When Jesus Christ died, the veil of the temple was “rent in twain from the top to the bottom” (Matthew 27:51). “But Christ being come an high priest of good things to come, … by his own blood he entered in once into the holy place, having obtained eternal redemption for us” (Hebrews 9:11–12; see also verses 13–14). Through His death and Resurrection, He rent the veil separating us from God’s presence (see Hebrews 10:19–22).
“[Jesus Christ’s] agony in Gethsemane and on the cross was greater than any mortal could bear. Nevertheless, because of His love for His Father and for us, He endured, and as a consequence, He can offer us both immortality and eternal life.
“It is poignantly symbolic that ‘blood [came] from every pore’ [Mosiah 3:7] as Jesus suffered in Gethsemane, the place of the olive press. To produce olive oil in the Savior’s time, olives were first crushed by rolling a large stone over them. The resulting ‘mash’ was placed in soft, loosely woven baskets, which were piled one upon another. Their weight expressed the first and finest oil. Then added stress was applied by placing a large beam or log on top of the stacked baskets, producing more oil. Finally, to draw out the very last drops, the beam was weighted with stones on one end to create the maximum, crushing pressure. And yes, the oil is bloodred as it first flows out” (Elder D. Todd Christofferson of the Quorum of the Twelve Apostles, Oct. 2016 general conference).
See Matthew 27:26.
As was customary, after He was condemned, Jesus Christ was taken by the Roman soldiers to be scourged. “They scourge him, and he suffereth it; and they smite him, and he suffereth it. Yea, they spit upon him, and he suffereth it, because of his loving kindness and his long-suffering towards the children of men” (1 Nephi 19:9).
The Savior said, “My Father sent me that I might be lifted up upon the cross; and after that I had been lifted up upon the cross, that I might draw all men unto me, that as I have been lifted up by men even so should men be lifted up by the Father, to stand before me, to be judged of their works” (3 Nephi 27:14).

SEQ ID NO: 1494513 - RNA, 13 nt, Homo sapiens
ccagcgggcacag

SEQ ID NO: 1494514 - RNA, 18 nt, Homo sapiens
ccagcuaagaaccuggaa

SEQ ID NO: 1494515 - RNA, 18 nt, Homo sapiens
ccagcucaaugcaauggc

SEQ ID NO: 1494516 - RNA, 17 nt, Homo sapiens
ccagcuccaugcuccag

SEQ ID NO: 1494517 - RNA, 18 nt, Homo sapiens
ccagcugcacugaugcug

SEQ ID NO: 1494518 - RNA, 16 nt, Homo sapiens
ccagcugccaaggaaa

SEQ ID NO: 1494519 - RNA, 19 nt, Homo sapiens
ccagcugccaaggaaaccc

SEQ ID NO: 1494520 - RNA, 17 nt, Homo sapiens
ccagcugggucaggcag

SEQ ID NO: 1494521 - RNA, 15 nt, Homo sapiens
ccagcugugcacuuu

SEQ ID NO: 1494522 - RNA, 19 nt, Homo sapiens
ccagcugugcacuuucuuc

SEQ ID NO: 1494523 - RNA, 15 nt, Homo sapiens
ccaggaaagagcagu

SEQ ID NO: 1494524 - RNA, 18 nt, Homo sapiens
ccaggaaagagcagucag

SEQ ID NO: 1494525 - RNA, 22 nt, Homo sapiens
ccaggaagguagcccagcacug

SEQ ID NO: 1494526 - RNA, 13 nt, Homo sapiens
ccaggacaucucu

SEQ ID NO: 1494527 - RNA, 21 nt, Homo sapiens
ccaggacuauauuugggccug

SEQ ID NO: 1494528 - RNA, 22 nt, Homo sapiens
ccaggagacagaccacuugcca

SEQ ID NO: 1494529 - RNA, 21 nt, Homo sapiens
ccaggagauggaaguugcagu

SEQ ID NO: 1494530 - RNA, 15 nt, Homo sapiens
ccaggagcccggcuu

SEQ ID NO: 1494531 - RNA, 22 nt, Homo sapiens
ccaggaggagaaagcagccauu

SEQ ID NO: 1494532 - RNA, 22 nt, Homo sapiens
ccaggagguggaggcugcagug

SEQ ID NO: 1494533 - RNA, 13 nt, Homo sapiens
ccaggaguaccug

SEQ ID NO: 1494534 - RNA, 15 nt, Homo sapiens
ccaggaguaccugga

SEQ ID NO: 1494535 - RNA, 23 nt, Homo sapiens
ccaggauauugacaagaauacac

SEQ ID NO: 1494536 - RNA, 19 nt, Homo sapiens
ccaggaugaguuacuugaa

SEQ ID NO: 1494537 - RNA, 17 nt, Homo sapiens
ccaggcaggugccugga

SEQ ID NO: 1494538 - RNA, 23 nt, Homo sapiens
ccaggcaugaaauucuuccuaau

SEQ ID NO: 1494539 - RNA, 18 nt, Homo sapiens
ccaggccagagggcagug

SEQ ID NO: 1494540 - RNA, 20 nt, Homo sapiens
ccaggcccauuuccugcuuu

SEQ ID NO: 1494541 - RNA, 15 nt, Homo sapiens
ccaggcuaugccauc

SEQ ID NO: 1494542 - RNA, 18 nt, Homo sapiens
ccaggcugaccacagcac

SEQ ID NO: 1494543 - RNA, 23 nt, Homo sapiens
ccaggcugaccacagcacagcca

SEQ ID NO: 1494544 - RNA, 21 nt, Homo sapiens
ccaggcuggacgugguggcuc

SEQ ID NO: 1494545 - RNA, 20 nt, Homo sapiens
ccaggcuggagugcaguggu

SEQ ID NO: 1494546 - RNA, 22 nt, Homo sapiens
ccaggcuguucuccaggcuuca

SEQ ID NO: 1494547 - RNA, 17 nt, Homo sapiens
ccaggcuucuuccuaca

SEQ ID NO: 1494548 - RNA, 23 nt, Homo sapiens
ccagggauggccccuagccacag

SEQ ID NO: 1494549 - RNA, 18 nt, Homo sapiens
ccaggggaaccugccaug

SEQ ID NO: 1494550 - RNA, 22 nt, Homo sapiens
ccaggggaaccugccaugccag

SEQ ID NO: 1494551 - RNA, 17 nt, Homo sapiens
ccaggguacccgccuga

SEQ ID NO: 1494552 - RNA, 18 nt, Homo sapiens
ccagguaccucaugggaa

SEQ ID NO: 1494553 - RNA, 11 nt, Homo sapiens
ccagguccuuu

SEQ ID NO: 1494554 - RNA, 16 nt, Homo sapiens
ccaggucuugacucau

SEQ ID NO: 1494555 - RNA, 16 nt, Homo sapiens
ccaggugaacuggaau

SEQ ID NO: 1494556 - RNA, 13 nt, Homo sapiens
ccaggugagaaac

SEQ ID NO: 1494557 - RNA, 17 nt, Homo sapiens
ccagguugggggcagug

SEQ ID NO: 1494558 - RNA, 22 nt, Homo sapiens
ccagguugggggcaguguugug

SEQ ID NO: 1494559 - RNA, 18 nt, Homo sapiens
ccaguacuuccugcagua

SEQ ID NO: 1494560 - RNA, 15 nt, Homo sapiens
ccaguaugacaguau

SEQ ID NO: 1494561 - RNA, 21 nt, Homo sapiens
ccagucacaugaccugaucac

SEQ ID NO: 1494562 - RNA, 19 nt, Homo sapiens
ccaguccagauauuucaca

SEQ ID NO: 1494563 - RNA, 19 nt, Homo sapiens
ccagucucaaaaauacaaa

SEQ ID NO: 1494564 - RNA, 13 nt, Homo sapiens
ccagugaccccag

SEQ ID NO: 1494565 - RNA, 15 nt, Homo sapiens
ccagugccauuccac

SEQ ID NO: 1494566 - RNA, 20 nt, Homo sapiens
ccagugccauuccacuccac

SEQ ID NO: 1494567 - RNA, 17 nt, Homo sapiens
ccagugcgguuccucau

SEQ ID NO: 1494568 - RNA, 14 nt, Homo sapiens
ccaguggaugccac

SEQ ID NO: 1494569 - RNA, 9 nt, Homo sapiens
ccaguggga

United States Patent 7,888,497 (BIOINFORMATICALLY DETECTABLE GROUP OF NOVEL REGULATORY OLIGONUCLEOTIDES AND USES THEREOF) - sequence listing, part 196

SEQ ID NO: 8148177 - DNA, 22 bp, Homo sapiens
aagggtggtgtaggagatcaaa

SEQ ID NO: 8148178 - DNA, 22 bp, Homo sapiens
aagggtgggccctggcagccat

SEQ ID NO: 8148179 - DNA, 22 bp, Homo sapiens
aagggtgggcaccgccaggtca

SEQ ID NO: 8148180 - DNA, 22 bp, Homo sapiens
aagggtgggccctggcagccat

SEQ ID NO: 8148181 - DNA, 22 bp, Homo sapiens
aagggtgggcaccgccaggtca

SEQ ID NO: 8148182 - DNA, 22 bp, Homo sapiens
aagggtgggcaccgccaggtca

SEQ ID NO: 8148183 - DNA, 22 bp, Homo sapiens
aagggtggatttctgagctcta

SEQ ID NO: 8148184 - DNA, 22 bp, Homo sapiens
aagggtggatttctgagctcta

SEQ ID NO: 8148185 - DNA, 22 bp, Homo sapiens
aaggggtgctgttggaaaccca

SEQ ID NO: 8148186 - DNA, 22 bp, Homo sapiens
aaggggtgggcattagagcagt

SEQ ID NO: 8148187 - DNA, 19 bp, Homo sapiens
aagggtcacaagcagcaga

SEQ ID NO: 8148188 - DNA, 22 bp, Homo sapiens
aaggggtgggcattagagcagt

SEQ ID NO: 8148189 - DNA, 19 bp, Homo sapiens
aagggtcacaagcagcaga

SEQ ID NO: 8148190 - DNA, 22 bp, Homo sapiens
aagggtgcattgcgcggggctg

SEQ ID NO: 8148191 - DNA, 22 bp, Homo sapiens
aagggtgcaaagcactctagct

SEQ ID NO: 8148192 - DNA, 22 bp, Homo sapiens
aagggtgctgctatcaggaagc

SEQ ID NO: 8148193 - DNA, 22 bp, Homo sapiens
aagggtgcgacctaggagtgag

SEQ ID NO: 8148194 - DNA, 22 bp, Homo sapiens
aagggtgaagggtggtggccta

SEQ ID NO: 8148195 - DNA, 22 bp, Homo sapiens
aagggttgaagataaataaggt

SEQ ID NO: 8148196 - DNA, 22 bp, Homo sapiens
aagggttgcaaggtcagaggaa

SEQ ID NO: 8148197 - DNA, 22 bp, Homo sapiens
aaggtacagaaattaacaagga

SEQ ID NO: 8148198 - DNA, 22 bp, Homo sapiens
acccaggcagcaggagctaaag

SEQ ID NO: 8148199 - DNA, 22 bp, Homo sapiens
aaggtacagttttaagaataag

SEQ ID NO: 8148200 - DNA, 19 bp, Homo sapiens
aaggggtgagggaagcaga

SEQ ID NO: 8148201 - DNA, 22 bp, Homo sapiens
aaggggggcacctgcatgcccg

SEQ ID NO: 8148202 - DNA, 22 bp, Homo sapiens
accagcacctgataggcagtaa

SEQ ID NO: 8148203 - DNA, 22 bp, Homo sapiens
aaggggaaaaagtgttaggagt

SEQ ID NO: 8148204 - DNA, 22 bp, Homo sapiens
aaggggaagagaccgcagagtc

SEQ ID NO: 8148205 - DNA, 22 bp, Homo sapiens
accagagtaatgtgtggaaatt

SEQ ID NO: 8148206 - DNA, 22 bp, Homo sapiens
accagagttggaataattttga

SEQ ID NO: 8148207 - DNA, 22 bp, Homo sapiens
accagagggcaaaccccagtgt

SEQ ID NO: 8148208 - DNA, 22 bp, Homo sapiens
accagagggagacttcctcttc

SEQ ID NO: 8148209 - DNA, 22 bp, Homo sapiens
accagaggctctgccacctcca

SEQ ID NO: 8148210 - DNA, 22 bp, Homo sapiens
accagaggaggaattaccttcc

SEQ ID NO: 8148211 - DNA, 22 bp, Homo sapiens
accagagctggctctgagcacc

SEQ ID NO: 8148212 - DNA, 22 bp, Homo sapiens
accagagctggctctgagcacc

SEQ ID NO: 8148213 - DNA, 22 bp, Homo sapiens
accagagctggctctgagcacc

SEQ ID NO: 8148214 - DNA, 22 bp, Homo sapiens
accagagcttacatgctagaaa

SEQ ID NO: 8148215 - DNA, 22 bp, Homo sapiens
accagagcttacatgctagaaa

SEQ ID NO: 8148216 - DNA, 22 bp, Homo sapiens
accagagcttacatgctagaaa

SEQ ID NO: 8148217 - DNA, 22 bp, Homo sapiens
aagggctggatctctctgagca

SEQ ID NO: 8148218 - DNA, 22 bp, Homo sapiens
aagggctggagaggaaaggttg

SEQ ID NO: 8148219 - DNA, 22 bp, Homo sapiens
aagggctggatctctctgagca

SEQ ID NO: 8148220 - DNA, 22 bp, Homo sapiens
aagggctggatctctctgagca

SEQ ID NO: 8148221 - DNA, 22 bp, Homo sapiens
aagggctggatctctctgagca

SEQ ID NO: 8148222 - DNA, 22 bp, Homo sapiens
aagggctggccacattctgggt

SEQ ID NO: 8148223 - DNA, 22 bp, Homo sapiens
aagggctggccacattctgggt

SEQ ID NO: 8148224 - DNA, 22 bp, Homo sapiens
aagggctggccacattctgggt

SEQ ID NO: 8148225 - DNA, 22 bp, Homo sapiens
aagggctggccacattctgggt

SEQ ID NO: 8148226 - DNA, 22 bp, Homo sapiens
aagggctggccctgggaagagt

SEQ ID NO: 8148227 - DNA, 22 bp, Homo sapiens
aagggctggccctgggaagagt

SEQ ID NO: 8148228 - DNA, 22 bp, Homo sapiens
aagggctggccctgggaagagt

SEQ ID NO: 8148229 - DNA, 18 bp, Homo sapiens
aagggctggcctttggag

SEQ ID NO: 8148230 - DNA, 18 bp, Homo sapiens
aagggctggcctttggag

He also taught that each of His disciples should “take up his cross” (Matthew 16:24), which means “to deny himself all ungodliness, and every worldly lust, and keep my commandments” (Joseph Smith Translation, Matthew 16:26 [in the Bible Appendix]).
See John 20:25.
The crucifiers drove nails through the Savior’s hands, wrists, and feet to secure Him on the cross. “[Jesus Christ] has, he reminds us, ‘graven thee upon the palms of my hands’ (1 Nephi 21:16). Considering the incomprehensible cost of the Crucifixion, Christ is not going to turn his back on us now” (Elder Jeffrey R. Holland of the Quorum of the Twelve Apostles, “Come unto Me,” Ensign, Apr. 1998, 19).
“The empty tomb that first Easter morning was the answer to Job’s question, ‘If a man die, shall he live again?’ [Job 14:14]. To all within the sound of my voice, I declare, If a man die, he shall live again. We know, for we have the light of revealed truth” (President Thomas S. Monson (1927–2018), “He Is Risen,” Apr. 2010 general conference).
If you had to summarize all of Easter in a single word, you might choose the word love.
We see the love of God the Father and His Only Begotten Son, Jesus Christ, in the central act of the Father’s plan, the Savior’s atoning sacrifice. The images of Jesus Christ in the Garden of Gethsemane and on the cross of Calvary are images of deep and eternal love.